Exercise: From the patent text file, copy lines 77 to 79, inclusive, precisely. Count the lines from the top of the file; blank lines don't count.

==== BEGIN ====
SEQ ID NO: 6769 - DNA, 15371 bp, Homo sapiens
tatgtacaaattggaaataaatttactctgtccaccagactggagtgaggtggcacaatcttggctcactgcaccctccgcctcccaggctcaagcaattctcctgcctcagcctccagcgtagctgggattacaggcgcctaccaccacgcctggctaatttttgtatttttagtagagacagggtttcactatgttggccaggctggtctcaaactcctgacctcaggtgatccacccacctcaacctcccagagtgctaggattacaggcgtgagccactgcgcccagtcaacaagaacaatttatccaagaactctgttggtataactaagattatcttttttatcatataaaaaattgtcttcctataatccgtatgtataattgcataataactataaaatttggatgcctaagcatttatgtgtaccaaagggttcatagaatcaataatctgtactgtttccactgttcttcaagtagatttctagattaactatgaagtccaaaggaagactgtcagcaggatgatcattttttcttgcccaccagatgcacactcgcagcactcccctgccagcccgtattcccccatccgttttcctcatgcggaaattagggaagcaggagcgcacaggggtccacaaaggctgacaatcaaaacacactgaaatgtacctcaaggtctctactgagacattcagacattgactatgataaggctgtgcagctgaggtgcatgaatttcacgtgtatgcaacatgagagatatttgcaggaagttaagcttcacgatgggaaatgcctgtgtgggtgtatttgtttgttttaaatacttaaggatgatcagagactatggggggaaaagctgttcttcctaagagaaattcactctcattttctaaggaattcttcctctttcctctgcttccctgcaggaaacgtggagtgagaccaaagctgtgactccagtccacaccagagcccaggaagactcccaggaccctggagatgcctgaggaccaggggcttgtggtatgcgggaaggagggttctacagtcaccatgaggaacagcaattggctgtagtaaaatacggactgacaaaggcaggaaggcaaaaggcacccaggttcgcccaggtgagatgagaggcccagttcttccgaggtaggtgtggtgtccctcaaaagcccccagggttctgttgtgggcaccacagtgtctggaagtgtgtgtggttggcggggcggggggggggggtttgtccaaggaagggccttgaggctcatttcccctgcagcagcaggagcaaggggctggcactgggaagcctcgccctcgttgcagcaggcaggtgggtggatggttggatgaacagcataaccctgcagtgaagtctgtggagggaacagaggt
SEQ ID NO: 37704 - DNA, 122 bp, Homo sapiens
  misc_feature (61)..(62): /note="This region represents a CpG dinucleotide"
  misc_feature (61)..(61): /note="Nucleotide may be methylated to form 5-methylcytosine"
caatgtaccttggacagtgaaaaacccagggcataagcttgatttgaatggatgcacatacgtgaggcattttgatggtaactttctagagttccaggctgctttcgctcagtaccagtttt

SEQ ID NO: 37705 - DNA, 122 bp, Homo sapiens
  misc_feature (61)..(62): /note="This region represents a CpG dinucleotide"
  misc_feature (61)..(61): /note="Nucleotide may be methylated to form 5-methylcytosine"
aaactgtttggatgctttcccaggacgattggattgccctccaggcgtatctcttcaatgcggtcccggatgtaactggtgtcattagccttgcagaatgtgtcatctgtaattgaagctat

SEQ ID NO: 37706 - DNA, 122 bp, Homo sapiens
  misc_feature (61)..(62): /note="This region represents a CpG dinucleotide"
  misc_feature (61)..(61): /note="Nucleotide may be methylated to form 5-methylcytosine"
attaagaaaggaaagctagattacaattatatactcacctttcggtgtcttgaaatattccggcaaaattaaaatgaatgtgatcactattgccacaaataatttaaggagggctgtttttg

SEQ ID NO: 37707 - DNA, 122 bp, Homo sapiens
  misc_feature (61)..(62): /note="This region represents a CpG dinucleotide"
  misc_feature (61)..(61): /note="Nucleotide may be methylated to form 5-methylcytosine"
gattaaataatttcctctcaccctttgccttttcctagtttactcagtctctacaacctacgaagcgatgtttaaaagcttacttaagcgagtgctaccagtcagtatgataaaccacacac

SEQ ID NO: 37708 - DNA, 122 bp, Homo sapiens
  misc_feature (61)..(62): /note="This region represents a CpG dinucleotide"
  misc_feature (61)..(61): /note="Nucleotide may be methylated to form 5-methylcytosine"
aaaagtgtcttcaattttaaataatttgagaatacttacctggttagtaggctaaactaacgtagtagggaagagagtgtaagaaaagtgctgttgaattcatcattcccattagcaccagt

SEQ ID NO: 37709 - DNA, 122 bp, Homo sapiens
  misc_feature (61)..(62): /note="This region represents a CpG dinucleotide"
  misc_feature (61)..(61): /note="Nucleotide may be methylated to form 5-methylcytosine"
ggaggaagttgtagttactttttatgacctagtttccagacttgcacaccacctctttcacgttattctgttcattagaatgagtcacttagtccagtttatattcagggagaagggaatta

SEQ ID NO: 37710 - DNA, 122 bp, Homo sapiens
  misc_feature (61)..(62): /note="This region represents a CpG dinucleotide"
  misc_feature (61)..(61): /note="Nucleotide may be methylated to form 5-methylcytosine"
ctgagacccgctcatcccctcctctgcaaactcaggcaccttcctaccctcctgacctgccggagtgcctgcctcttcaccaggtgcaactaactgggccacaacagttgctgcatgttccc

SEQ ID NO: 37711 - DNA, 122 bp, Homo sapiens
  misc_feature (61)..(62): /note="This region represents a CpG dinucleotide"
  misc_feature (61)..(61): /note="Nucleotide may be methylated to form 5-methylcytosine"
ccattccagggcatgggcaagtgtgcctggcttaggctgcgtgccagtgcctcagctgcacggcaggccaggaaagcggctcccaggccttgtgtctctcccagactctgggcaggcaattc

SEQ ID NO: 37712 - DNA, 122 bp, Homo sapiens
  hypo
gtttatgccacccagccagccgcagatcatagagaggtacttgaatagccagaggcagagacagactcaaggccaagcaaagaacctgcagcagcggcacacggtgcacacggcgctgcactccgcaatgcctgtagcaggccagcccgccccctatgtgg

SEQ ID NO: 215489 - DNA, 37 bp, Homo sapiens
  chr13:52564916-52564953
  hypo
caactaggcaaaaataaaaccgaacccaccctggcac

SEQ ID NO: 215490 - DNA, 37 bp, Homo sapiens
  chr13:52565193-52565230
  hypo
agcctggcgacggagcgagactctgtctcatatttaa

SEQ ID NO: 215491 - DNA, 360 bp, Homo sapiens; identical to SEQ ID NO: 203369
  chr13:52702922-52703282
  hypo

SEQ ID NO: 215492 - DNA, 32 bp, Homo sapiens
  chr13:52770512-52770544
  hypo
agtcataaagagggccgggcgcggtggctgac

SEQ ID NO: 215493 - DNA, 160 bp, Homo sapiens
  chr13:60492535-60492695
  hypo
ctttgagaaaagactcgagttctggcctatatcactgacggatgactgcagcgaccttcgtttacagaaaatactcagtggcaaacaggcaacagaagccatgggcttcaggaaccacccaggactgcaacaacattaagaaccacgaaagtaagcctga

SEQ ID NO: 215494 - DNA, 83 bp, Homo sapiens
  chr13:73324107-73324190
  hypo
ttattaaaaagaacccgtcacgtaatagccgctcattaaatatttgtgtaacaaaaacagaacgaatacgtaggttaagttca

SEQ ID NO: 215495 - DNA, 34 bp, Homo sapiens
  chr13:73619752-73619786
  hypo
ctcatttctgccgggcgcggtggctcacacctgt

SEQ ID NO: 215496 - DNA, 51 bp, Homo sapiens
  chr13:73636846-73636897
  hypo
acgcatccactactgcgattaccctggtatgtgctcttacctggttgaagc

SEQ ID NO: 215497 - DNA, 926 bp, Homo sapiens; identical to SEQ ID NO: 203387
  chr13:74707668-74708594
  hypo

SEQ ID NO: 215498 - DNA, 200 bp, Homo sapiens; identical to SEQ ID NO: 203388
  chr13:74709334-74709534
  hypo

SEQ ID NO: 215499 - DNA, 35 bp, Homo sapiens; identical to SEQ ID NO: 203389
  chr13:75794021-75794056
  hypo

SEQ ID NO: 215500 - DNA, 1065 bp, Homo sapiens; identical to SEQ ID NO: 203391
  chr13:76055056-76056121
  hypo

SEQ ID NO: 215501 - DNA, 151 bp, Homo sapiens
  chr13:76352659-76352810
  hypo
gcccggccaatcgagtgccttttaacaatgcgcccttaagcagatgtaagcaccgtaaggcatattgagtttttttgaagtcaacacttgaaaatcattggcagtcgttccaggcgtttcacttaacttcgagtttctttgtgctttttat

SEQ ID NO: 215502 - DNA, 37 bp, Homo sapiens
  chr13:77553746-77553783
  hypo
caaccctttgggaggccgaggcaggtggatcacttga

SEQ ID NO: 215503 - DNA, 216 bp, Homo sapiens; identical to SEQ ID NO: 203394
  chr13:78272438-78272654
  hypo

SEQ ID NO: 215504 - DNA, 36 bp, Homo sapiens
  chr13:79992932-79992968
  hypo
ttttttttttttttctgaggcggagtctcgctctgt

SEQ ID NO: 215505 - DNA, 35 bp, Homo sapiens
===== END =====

  hypo

SEQ ID NO: 215500 - DNA, 1065 bp, Homo sapiens; identical to SEQ ID NO: 203391
  chr13:76055056-76056121